I make it sound so confrontational, don’t I? A kind question on the wrong day about childrearing can rip open the hidden wounds of infertility and make you snarl like a wounded dog. My own responses to inappropriate or unwelcome comments about my infertility have varied from stoic to tearful to angry to wistful. At a banquet the other night, an older mother, old enough to know better, started quizzing the table’s childless women, all above the age of forty, when they were planning on having children. Thankfully, the first woman took the bullet for the rest of us. She had perfect hair and plump painted lips. She sighed, and flipped her mahogany hair over her bronzed bony shoulder, “I’m an aunty to plenty of kids. I think we’ll forego disrupting our fantastic marriage for kids.” When pushed further, she countered, “I’m forty three and so I don’t see it happening.”
Under the table, Dan squeezed my knee. Unsatisfied and undeterred, the breeder inquisitor turned her eyes on me, and I squeaked out, “We are old, too.” I gulped my red wine, and a Good Samaritan bulldozed the conversation elsewhere.
Just to be clear, I don’t recommend the “We are old” response. Well-meaners will whip out their smart phones and barrage you with chubby cherubs born to older Facebook friends and family. Instead, I recommend the line that will satisfy everyone if delivered with sincerity and a firmness that prevents further exploration. “Wouldn’t that be lovely?” If you are infertile, I recommend that you practice “Wouldn’t that be lovely?” in the mirror. Think Audrey Hepburn from Breakfast at Tiffany’s. Wear gloves and pearls if necessary. Form each word, watching your lips for a giveaway sneer and your eyes for a wistful tear.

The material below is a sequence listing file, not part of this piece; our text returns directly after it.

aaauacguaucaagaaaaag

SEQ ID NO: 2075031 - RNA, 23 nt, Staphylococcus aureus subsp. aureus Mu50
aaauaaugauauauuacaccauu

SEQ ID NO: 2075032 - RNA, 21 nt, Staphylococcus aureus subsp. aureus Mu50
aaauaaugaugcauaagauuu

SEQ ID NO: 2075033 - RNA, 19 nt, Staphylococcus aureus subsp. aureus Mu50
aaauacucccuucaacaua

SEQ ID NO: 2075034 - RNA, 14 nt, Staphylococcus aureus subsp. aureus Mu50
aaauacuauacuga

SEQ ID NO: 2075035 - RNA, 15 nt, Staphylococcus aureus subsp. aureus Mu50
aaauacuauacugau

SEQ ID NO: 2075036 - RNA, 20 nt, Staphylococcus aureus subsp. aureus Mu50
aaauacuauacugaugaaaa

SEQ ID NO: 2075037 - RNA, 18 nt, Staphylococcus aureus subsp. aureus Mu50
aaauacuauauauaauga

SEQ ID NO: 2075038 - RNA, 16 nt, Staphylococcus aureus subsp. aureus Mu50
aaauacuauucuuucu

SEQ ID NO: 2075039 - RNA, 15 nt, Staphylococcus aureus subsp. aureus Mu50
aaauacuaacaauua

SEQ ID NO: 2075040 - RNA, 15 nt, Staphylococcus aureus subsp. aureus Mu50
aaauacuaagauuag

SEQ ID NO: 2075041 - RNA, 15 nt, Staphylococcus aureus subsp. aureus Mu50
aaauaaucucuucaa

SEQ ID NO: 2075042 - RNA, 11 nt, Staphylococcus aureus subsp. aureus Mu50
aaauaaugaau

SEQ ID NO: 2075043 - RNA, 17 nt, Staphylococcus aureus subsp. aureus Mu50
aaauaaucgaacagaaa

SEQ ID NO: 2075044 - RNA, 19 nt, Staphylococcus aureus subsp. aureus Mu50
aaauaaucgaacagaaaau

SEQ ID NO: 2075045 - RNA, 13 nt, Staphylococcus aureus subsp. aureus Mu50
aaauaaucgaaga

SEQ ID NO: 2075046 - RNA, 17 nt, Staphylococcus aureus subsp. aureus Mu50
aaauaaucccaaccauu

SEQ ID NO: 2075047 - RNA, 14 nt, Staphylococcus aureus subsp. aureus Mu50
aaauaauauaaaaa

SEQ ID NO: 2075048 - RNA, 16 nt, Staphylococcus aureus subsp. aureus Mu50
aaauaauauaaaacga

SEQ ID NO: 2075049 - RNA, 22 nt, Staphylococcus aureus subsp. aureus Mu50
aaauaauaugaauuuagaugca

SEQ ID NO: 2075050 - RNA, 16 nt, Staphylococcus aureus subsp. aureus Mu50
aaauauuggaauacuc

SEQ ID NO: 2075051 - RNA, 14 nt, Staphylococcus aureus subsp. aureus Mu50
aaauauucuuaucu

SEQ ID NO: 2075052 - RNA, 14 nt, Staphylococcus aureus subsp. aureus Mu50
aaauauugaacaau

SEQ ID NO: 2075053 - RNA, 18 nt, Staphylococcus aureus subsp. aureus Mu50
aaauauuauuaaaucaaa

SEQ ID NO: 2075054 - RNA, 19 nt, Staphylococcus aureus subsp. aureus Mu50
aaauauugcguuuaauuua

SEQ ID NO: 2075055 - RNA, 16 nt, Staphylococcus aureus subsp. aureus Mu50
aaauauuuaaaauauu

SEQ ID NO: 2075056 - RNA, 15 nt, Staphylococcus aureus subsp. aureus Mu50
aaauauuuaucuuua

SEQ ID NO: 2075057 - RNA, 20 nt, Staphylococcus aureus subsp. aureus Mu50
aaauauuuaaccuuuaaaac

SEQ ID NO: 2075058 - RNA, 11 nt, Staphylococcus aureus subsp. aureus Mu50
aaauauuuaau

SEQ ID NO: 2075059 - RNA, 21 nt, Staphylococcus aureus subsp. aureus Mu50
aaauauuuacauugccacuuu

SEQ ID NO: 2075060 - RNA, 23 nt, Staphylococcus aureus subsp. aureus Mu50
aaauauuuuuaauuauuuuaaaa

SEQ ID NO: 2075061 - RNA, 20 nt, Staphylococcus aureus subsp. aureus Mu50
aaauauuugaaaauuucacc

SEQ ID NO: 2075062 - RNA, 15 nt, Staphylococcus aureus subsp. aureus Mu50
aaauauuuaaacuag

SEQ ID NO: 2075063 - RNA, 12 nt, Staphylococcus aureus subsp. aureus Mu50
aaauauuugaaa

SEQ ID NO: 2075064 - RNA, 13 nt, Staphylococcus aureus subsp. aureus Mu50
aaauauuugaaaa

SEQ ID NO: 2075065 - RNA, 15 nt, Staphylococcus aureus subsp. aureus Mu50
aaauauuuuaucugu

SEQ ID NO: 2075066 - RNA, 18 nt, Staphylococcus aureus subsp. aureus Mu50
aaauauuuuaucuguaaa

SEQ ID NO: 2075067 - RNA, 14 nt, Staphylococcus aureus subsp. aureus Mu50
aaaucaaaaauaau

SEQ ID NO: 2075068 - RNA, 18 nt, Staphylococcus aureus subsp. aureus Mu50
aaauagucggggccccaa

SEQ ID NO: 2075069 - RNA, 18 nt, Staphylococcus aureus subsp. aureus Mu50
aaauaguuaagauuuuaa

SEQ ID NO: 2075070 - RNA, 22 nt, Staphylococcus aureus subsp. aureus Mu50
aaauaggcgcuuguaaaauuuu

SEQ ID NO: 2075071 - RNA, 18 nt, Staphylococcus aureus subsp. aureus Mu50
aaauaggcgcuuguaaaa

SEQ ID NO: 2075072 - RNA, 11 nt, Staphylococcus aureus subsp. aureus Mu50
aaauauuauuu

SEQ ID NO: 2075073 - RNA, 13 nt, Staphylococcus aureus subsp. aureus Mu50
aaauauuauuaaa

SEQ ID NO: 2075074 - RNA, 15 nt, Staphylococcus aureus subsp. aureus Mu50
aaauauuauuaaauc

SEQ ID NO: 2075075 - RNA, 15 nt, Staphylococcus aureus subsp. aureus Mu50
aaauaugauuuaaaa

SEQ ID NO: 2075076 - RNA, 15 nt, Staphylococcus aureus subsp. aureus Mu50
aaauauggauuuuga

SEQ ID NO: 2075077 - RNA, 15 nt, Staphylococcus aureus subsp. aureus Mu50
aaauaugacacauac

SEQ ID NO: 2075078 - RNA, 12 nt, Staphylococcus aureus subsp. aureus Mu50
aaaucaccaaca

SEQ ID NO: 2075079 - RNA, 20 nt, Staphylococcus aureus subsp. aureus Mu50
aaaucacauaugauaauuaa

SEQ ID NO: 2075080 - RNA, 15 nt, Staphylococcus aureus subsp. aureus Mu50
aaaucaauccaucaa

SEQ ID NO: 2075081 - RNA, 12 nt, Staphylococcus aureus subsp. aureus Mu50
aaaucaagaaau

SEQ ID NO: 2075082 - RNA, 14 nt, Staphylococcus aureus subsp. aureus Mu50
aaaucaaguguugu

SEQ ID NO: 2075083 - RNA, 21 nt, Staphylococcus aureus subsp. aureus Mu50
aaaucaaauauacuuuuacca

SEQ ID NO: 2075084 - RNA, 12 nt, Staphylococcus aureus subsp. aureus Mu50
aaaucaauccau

Because beneath their impertinence, the well meaning questioner do not want to hurt you. It’s the opposite. They see something in you worth passing on. They associate babies with happiness and they want happiness for you. They want to share the excitement and the joy of your pregnancy and childrearing with you. And, if you were pregnant, you would be right there with them celebrating.